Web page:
We will say, however, that the quality of sound that you get out of these speakers punch quite high above its price point. After doing a bit of research on this comms device, the speakers and mic are in fact lifted from the SENA product line. So the audio quality that you get from this particular comms device is much better than most other off-brand units. In particular, voices come off as clear and sharp. Podcasts and talk shows in particular are easy to listen to. Music, depending on the helmet, will be satisfying, with good mid-tones and well-pronounced highs. If your phone has an equalizer, we recommend that you tweak some settings if you want more thumping bass.
Mic quality is also very good. Of course, quieter helmets will reign supreme and buckets with a chin curtain even better, but for what it's worth, the mic is plenty good enough and clear enough without cutting out when you will talk over the wind noise while on the saddle.
I've been using the M10 on long rides and my daily commutes going to and from work through traffic. The unit was able to last me the whole day and then some. Parani advertises 6 hours of use out of this comms system, but even after a 5-hour ride I only managed to deplete one bar of life from the system. That is also taking into account that the intercom function wasn't being used. Realistically, if you were to use the device for nothing but music, it should last you quite some time. Safe to say that the 6-hour figure is more pessimistic. Just make sure to turn it off every time you gear down or park. Once you do start using the intercom, expect the battery to last closer to the manufacturer's advertised figure.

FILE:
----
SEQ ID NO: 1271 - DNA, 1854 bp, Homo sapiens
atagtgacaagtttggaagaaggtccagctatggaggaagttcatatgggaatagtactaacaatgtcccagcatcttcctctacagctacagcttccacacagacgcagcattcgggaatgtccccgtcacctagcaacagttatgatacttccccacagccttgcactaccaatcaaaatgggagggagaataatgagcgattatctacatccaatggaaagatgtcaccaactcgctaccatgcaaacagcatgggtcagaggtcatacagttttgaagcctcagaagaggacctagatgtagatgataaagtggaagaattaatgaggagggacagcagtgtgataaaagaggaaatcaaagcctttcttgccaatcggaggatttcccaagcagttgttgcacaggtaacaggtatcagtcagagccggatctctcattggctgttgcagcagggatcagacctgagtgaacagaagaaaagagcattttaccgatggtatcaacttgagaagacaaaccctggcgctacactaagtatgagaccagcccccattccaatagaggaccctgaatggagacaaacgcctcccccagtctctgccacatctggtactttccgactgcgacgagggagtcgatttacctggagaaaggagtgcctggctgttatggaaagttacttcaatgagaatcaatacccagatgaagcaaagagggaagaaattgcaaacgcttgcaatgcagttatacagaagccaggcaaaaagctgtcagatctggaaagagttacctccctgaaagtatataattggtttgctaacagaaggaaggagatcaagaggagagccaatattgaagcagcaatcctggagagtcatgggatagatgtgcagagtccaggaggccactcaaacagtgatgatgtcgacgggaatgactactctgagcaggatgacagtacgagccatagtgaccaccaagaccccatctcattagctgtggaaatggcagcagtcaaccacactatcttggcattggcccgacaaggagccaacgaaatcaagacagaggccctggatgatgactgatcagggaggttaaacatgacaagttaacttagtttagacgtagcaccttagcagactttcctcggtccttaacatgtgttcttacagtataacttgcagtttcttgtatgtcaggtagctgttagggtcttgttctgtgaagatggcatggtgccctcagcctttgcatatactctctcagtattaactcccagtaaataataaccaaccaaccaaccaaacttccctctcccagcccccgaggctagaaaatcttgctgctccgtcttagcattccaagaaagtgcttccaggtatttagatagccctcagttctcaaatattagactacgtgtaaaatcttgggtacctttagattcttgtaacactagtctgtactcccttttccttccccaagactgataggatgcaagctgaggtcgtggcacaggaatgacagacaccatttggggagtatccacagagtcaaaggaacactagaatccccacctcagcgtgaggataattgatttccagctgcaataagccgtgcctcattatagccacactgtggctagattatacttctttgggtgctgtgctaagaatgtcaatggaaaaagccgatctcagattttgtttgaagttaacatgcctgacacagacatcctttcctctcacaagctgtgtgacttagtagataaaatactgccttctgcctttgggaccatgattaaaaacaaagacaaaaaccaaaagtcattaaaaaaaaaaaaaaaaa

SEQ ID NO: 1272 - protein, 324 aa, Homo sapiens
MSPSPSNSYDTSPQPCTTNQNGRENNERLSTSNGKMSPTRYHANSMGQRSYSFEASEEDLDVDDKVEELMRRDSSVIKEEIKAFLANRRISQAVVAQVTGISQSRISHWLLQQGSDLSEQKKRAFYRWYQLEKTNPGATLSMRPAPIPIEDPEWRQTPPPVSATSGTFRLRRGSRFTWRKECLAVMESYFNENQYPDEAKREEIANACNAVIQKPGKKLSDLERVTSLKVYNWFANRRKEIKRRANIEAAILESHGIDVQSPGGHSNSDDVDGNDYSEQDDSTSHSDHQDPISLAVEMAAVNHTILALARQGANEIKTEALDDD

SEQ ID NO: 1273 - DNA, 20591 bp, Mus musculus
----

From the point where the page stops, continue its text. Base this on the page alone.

Also, if you happen to run low on power, you can just bust out the cable and charge it. The battery tops up fairly quickly, and to fully charge the battery, leave it plugged for about 2.5 hours, as stated by Parani, and you should be good for quite a while.
Price and Verdict
The Parani M10 was purchased from MotoMarket, but the item is also available in their other brand stores like MotoWorld and MotoStyle. The staff was also kind enough to install the unit for us in a helmet of our choice. For just P3,950, the M10 is a step above the generic units out in the market and is a great entry-level comms device. Sound and build quality are superb and the LCD screen is a nice touch. You might run into some hurdles with connectivity, but that's beside the point.
So for riders on a budget who have never experienced riding with a comms device, this is a great piece of gear that you will find yourself using on a daily basis. If you already have a comms device like a Cardo or a SENA but want a spare one that you don't have to worry about banging around, consider this.